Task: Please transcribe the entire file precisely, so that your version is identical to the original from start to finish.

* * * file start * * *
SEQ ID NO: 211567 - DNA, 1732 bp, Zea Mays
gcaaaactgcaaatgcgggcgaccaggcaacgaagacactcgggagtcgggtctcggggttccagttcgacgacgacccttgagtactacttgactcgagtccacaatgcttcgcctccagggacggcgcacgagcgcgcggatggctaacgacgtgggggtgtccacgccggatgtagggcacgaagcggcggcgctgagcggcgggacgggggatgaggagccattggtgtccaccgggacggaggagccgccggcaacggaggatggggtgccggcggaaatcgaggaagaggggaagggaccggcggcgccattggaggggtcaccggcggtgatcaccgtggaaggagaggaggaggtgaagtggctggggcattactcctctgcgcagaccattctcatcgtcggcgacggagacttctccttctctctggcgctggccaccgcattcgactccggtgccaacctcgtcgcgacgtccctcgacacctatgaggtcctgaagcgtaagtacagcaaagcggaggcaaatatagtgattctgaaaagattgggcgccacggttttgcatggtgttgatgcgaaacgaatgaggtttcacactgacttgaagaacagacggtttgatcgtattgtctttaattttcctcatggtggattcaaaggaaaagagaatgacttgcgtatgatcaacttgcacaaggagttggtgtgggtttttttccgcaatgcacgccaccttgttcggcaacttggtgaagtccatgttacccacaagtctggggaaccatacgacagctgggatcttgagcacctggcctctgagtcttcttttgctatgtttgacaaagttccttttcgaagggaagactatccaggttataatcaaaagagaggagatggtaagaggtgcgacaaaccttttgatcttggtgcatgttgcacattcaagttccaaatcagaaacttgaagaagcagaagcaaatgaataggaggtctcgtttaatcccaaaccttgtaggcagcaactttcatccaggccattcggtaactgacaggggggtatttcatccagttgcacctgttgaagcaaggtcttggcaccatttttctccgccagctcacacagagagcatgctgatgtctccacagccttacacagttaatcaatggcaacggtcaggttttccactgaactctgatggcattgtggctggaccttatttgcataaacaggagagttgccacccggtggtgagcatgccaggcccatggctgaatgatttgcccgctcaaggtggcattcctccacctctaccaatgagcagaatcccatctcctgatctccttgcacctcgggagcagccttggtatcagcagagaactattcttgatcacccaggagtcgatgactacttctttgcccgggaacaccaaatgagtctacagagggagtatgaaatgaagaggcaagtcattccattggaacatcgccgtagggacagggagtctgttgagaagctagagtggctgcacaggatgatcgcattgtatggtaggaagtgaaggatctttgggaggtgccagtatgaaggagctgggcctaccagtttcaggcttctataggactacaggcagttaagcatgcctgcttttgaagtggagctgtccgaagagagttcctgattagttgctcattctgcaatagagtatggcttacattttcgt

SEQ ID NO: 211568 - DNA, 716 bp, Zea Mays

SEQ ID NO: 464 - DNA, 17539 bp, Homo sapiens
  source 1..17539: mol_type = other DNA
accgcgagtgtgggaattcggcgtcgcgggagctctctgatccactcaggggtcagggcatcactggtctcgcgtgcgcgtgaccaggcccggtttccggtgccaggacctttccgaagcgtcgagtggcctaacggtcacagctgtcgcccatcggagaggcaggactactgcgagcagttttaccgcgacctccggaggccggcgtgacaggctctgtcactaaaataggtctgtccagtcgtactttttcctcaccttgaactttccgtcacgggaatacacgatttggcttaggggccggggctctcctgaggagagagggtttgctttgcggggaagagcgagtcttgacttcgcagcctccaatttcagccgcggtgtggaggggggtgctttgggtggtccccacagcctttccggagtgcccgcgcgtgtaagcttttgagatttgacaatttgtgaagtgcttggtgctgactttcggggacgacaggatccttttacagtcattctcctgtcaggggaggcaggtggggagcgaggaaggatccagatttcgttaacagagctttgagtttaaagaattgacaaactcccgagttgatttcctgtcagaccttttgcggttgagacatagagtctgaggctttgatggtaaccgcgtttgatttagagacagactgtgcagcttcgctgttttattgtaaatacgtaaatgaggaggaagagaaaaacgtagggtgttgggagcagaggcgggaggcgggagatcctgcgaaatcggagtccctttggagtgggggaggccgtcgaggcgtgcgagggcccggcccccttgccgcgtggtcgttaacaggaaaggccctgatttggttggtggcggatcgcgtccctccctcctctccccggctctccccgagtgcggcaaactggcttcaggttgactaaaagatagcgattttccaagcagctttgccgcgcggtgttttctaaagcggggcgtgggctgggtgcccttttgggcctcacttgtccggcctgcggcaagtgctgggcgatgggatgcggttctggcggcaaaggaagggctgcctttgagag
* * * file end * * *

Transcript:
SEQ ID NO: 211567 - DNA, 1732 bp, Zea Mays
gcaaaactgcaaatgcgggcgaccaggcaacgaagacactcgggagtcgggtctcggggttccagttcgacgacgacccttgagtactacttgactcgagtccacaatgcttcgcctccagggacggcgcacgagcgcgcggatggctaacgacgtgggggtgtccacgccggatgtagggcacgaagcggcggcgctgagcggcgggacgggggatgaggagccattggtgtccaccgggacggaggagccgccggcaacggaggatggggtgccggcggaaatcgaggaagaggggaagggaccggcggcgccattggaggggtcaccggcggtgatcaccgtggaaggagaggaggaggtgaagtggctggggcattactcctctgcgcagaccattctcatcgtcggcgacggagacttctccttctctctggcgctggccaccgcattcgactccggtgccaacctcgtcgcgacgtccctcgacacctatgaggtcctgaagcgtaagtacagcaaagcggaggcaaatatagtgattctgaaaagattgggcgccacggttttgcatggtgttgatgcgaaacgaatgaggtttcacactgacttgaagaacagacggtttgatcgtattgtctttaattttcctcatggtggattcaaaggaaaagagaatgacttgcgtatgatcaacttgcacaaggagttggtgtgggtttttttccgcaatgcacgccaccttgttcggcaacttggtgaagtccatgttacccacaagtctggggaaccatacgacagctgggatcttgagcacctggcctctgagtcttcttttgctatgtttgacaaagttccttttcgaagggaagactatccaggttataatcaaaagagaggagatggtaagaggtgcgacaaaccttttgatcttggtgcatgttgcacattcaagttccaaatcagaaacttgaagaagcagaagcaaatgaataggaggtctcgtttaatcccaaaccttgtaggcagcaactttcatccaggccattcggtaactgacaggggggtatttcatccagttgcacctgttgaagcaaggtcttggcaccatttttctccgccagctcacacagagagcatgctgatgtctccacagccttacacagttaatcaatggcaacggtcaggttttccactgaactctgatggcattgtggctggaccttatttgcataaacaggagagttgccacccggtggtgagcatgccaggcccatggctgaatgatttgcccgctcaaggtggcattcctccacctctaccaatgagcagaatcccatctcctgatctccttgcacctcgggagcagccttggtatcagcagagaactattcttgatcacccaggagtcgatgactacttctttgcccgggaacaccaaatgagtctacagagggagtatgaaatgaagaggcaagtcattccattggaacatcgccgtagggacagggagtctgttgagaagctagagtggctgcacaggatgatcgcattgtatggtaggaagtgaaggatctttgggaggtgccagtatgaaggagctgggcctaccagtttcaggcttctataggactacaggcagttaagcatgcctgcttttgaagtggagctgtccgaagagagttcctgattagttgctcattctgcaatagagtatggcttacattttcgt

SEQ ID NO: 211568 - DNA, 716 bp, Zea Mays

SEQ ID NO: 464 - DNA, 17539 bp, Homo sapiens
  source 1..17539: mol_type = other DNA
accgcgagtgtgggaattcggcgtcgcgggagctctctgatccactcaggggtcagggcatcactggtctcgcgtgcgcgtgaccaggcccggtttccggtgccaggacctttccgaagcgtcgagtggcctaacggtcacagctgtcgcccatcggagaggcaggactactgcgagcagttttaccgcgacctccggaggccggcgtgacaggctctgtcactaaaataggtctgtccagtcgtactttttcctcaccttgaactttccgtcacgggaatacacgatttggcttaggggccggggctctcctgaggagagagggtttgctttgcggggaagagcgagtcttgacttcgcagcctccaatttcagccgcggtgtggaggggggtgctttgggtggtccccacagcctttccggagtgcccgcgcgtgtaagcttttgagatttgacaatttgtgaagtgcttggtgctgactttcggggacgacaggatccttttacagtcattctcctgtcaggggaggcaggtggggagcgaggaaggatccagatttcgttaacagagctttgagtttaaagaattgacaaactcccgagttgatttcctgtcagaccttttgcggttgagacatagagtctgaggctttgatggtaaccgcgtttgatttagagacagactgtgcagcttcgctgttttattgtaaatacgtaaatgaggaggaagagaaaaacgtagggtgttgggagcagaggcgggaggcgggagatcctgcgaaatcggagtccctttggagtgggggaggccgtcgaggcgtgcgagggcccggcccccttgccgcgtggtcgttaacaggaaaggccctgatttggttggtggcggatcgcgtccctccctcctctccccggctctccccgagtgcggcaaactggcttcaggttgactaaaagatagcgattttccaagcagctttgccgcgcggtgttttctaaagcggggcgtgggctgggtgcccttttgggcctcacttgtccggcctgcggcaagtgctgggcgatgggatgcggttctggcggcaaaggaagggctgcctttgagag